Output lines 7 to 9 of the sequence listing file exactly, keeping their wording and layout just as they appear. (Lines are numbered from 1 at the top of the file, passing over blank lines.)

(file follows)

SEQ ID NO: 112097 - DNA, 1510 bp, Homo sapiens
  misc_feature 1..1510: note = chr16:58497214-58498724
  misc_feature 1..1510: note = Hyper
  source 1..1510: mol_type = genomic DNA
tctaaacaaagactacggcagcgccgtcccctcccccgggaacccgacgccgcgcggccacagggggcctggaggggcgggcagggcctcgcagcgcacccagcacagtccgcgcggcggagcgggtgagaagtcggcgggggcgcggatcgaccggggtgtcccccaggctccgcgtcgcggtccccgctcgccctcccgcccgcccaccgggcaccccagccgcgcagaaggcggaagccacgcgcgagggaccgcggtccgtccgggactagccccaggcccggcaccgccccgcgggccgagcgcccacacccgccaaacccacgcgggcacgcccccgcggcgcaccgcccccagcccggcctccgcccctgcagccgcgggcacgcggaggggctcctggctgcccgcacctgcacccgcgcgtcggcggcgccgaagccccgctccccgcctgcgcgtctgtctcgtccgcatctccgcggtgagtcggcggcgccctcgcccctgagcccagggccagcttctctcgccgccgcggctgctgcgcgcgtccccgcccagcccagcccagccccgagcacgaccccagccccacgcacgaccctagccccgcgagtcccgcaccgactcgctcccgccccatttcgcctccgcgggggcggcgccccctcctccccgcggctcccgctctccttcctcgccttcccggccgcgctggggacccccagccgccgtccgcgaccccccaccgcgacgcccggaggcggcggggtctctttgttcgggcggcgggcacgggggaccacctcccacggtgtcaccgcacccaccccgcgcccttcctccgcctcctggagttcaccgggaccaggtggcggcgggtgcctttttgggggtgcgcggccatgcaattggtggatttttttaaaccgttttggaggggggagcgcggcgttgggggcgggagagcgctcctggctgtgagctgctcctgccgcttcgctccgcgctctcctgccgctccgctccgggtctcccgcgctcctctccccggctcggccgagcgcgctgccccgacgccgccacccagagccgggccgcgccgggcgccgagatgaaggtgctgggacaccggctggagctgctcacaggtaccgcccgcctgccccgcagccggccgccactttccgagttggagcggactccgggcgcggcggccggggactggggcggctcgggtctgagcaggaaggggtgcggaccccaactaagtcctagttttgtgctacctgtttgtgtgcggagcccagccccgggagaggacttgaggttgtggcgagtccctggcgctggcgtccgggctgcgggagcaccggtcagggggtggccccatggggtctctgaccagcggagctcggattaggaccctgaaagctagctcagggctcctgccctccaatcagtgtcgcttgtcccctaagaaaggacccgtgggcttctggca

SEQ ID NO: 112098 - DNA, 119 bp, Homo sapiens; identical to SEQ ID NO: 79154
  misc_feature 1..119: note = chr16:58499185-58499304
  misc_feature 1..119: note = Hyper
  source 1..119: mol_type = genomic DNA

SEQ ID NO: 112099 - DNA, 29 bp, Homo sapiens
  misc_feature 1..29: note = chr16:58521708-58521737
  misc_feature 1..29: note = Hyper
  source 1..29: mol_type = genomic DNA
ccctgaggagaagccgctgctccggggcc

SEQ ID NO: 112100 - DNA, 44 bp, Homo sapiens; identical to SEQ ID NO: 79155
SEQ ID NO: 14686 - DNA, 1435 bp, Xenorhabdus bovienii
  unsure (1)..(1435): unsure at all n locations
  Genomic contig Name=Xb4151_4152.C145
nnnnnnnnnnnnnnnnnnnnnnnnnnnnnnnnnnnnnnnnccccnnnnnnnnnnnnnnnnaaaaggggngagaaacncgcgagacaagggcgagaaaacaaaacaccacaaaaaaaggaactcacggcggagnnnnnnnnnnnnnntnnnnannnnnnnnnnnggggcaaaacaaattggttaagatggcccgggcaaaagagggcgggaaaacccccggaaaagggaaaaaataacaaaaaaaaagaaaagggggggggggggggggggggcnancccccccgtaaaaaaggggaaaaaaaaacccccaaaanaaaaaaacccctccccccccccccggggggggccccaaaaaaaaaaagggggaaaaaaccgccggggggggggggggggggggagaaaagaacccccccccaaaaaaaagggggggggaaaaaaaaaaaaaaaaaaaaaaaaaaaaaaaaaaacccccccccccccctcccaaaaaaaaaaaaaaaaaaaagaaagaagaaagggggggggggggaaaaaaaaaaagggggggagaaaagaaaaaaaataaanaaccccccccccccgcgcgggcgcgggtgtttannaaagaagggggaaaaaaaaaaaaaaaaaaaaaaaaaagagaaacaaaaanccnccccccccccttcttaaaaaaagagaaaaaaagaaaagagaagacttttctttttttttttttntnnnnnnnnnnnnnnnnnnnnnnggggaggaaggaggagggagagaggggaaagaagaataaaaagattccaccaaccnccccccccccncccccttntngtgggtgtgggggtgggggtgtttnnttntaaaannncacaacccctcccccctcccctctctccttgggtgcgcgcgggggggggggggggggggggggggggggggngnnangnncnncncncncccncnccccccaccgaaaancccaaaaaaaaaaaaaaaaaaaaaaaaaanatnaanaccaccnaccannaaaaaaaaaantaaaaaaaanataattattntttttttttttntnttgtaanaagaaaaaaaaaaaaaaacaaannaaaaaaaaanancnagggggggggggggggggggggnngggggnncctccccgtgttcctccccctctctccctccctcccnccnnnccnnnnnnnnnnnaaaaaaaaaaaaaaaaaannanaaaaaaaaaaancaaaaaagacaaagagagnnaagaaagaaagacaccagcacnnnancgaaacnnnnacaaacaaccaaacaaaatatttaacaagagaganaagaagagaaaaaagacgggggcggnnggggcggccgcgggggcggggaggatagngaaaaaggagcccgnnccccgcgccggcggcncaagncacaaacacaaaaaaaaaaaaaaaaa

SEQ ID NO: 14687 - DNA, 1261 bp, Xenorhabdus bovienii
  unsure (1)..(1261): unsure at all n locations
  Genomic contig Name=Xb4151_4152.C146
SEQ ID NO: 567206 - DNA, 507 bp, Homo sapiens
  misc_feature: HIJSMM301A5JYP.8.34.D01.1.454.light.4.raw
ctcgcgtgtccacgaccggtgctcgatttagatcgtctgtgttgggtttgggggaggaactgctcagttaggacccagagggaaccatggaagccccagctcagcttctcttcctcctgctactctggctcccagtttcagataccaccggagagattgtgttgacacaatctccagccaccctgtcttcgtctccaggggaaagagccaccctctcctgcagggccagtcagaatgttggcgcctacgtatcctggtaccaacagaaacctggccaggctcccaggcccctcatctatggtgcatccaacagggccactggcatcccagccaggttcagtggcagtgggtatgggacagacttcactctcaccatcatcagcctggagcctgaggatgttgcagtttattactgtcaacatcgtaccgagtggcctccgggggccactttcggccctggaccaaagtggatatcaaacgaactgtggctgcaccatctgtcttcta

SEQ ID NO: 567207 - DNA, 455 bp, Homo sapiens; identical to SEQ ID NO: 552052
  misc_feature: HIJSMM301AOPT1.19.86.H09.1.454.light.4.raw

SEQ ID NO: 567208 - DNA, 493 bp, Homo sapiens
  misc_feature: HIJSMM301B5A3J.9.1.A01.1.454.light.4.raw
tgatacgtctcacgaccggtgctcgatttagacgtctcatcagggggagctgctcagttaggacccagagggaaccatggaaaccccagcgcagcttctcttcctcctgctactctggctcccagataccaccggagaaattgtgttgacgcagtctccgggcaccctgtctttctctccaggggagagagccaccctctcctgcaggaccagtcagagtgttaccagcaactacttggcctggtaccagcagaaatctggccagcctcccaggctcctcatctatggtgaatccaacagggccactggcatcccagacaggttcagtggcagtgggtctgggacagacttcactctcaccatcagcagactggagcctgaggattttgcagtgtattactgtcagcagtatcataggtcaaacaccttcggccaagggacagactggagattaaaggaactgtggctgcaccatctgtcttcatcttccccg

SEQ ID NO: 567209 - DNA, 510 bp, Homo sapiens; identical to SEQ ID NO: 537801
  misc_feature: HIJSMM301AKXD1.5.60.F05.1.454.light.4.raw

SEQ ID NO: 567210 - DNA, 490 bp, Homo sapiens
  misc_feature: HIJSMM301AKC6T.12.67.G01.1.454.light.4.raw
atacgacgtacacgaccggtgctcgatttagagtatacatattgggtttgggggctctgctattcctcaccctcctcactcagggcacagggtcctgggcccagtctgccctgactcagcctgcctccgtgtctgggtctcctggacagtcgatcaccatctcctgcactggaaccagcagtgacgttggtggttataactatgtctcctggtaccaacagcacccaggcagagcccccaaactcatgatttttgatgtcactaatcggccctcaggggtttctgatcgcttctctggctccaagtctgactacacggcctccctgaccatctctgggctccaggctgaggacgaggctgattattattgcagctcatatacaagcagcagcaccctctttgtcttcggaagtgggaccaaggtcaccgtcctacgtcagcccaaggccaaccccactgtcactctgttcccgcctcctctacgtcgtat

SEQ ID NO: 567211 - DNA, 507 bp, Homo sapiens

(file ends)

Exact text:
  misc_feature 1..119: note = chr16:58499185-58499304
  misc_feature 1..119: note = Hyper
  source 1..119: mol_type = genomic DNA